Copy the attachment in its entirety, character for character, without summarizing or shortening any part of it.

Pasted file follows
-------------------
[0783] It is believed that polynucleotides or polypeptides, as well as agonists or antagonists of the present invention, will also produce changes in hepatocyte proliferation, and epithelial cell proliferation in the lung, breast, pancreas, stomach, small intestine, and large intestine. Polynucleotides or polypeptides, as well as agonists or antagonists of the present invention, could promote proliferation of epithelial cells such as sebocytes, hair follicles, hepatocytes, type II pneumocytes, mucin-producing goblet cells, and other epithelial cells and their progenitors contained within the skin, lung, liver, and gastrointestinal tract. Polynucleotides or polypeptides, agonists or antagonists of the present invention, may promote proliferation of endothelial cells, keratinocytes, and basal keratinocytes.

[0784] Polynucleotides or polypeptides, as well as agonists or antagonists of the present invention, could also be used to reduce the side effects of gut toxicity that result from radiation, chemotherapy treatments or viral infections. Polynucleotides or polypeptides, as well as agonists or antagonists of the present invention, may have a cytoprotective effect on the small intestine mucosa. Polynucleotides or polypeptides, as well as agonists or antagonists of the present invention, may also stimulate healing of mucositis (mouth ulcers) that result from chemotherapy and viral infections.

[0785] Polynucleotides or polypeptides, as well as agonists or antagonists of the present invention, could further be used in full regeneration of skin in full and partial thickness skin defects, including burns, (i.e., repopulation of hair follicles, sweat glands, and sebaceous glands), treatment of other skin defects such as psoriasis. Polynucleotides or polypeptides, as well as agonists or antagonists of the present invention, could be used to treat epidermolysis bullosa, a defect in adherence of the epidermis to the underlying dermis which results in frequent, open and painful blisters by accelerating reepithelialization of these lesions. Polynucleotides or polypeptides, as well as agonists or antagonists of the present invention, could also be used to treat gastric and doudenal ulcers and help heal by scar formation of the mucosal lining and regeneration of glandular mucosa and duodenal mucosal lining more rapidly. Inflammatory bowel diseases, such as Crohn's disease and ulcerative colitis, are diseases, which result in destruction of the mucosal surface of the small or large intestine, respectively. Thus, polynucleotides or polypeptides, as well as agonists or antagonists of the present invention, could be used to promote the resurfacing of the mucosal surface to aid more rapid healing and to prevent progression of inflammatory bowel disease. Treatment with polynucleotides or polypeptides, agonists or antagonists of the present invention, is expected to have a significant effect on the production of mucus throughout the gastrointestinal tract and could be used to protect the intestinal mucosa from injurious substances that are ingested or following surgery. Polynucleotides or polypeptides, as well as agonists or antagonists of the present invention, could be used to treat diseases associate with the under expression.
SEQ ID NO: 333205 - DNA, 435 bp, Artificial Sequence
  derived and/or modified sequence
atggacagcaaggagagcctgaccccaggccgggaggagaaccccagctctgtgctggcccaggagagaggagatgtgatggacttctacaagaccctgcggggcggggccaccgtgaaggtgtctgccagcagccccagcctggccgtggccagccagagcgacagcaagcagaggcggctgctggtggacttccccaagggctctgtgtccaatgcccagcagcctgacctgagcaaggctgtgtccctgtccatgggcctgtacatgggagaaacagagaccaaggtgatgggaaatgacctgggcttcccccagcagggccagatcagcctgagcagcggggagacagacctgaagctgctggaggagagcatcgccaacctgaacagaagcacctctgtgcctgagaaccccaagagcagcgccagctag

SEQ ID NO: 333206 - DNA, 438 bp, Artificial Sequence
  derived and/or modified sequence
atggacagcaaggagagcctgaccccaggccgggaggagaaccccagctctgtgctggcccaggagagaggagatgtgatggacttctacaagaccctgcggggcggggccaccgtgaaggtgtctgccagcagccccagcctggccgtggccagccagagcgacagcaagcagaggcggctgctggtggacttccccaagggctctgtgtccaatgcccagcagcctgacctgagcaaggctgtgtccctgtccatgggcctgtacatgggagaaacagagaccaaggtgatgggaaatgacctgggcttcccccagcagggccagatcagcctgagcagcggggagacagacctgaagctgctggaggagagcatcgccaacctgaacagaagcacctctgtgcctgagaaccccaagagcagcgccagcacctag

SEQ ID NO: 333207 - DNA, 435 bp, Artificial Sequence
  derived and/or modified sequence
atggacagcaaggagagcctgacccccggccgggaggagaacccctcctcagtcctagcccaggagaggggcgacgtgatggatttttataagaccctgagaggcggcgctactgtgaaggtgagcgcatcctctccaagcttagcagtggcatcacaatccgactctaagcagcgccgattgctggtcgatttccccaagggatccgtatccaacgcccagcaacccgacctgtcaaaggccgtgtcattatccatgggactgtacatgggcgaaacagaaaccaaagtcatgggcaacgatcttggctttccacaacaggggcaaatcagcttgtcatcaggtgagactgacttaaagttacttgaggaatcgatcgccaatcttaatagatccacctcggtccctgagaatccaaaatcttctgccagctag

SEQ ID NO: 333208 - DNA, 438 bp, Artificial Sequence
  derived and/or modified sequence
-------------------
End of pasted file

[0783] It is believed that polynucleotides or polypeptides, as well as agonists or antagonists of the present invention, will also produce changes in hepatocyte proliferation, and epithelial cell proliferation in the lung, breast, pancreas, stomach, small intestine, and large intestine. Polynucleotides or polypeptides, as well as agonists or antagonists of the present invention, could promote proliferation of epithelial cells such as sebocytes, hair follicles, hepatocytes, type II pneumocytes, mucin-producing goblet cells, and other epithelial cells and their progenitors contained within the skin, lung, liver, and gastrointestinal tract. Polynucleotides or polypeptides, agonists or antagonists of the present invention, may promote proliferation of endothelial cells, keratinocytes, and basal keratinocytes.

[0784] Polynucleotides or polypeptides, as well as agonists or antagonists of the present invention, could also be used to reduce the side effects of gut toxicity that result from radiation, chemotherapy treatments or viral infections. Polynucleotides or polypeptides, as well as agonists or antagonists of the present invention, may have a cytoprotective effect on the small intestine mucosa. Polynucleotides or polypeptides, as well as agonists or antagonists of the present invention, may also stimulate healing of mucositis (mouth ulcers) that result from chemotherapy and viral infections.

[0785] Polynucleotides or polypeptides, as well as agonists or antagonists of the present invention, could further be used in full regeneration of skin in full and partial thickness skin defects, including burns, (i.e., repopulation of hair follicles, sweat glands, and sebaceous glands), treatment of other skin defects such as psoriasis. Polynucleotides or polypeptides, as well as agonists or antagonists of the present invention, could be used to treat epidermolysis bullosa, a defect in adherence of the epidermis to the underlying dermis which results in frequent, open and painful blisters by accelerating reepithelialization of these lesions. Polynucleotides or polypeptides, as well as agonists or antagonists of the present invention, could also be used to treat gastric and doudenal ulcers and help heal by scar formation of the mucosal lining and regeneration of glandular mucosa and duodenal mucosal lining more rapidly. Inflammatory bowel diseases, such as Crohn's disease and ulcerative colitis, are diseases, which result in destruction of the mucosal surface of the small or large intestine, respectively. Thus, polynucleotides or polypeptides, as well as agonists or antagonists of the present invention, could be used to promote the resurfacing of the mucosal surface to aid more rapid healing and to prevent progression of inflammatory bowel disease. Treatment with polynucleotides or polypeptides, agonists or antagonists of the present invention, is expected to have a significant effect on the production of mucus throughout the gastrointestinal tract and could be used to protect the intestinal mucosa from injurious substances that are ingested or following surgery. Polynucleotides or polypeptides, as well as agonists or antagonists of the present invention, could be used to treat diseases associate with the under expression.
SEQ ID NO: 333205 - DNA, 435 bp, Artificial Sequence
  derived and/or modified sequence
atggacagcaaggagagcctgaccccaggccgggaggagaaccccagctctgtgctggcccaggagagaggagatgtgatggacttctacaagaccctgcggggcggggccaccgtgaaggtgtctgccagcagccccagcctggccgtggccagccagagcgacagcaagcagaggcggctgctggtggacttccccaagggctctgtgtccaatgcccagcagcctgacctgagcaaggctgtgtccctgtccatgggcctgtacatgggagaaacagagaccaaggtgatgggaaatgacctgggcttcccccagcagggccagatcagcctgagcagcggggagacagacctgaagctgctggaggagagcatcgccaacctgaacagaagcacctctgtgcctgagaaccccaagagcagcgccagctag

SEQ ID NO: 333206 - DNA, 438 bp, Artificial Sequence
  derived and/or modified sequence
atggacagcaaggagagcctgaccccaggccgggaggagaaccccagctctgtgctggcccaggagagaggagatgtgatggacttctacaagaccctgcggggcggggccaccgtgaaggtgtctgccagcagccccagcctggccgtggccagccagagcgacagcaagcagaggcggctgctggtggacttccccaagggctctgtgtccaatgcccagcagcctgacctgagcaaggctgtgtccctgtccatgggcctgtacatgggagaaacagagaccaaggtgatgggaaatgacctgggcttcccccagcagggccagatcagcctgagcagcggggagacagacctgaagctgctggaggagagcatcgccaacctgaacagaagcacctctgtgcctgagaaccccaagagcagcgccagcacctag

SEQ ID NO: 333207 - DNA, 435 bp, Artificial Sequence
  derived and/or modified sequence
atggacagcaaggagagcctgacccccggccgggaggagaacccctcctcagtcctagcccaggagaggggcgacgtgatggatttttataagaccctgagaggcggcgctactgtgaaggtgagcgcatcctctccaagcttagcagtggcatcacaatccgactctaagcagcgccgattgctggtcgatttccccaagggatccgtatccaacgcccagcaacccgacctgtcaaaggccgtgtcattatccatgggactgtacatgggcgaaacagaaaccaaagtcatgggcaacgatcttggctttccacaacaggggcaaatcagcttgtcatcaggtgagactgacttaaagttacttgaggaatcgatcgccaatcttaatagatccacctcggtccctgagaatccaaaatcttctgccagctag

SEQ ID NO: 333208 - DNA, 438 bp, Artificial Sequence
  derived and/or modified sequence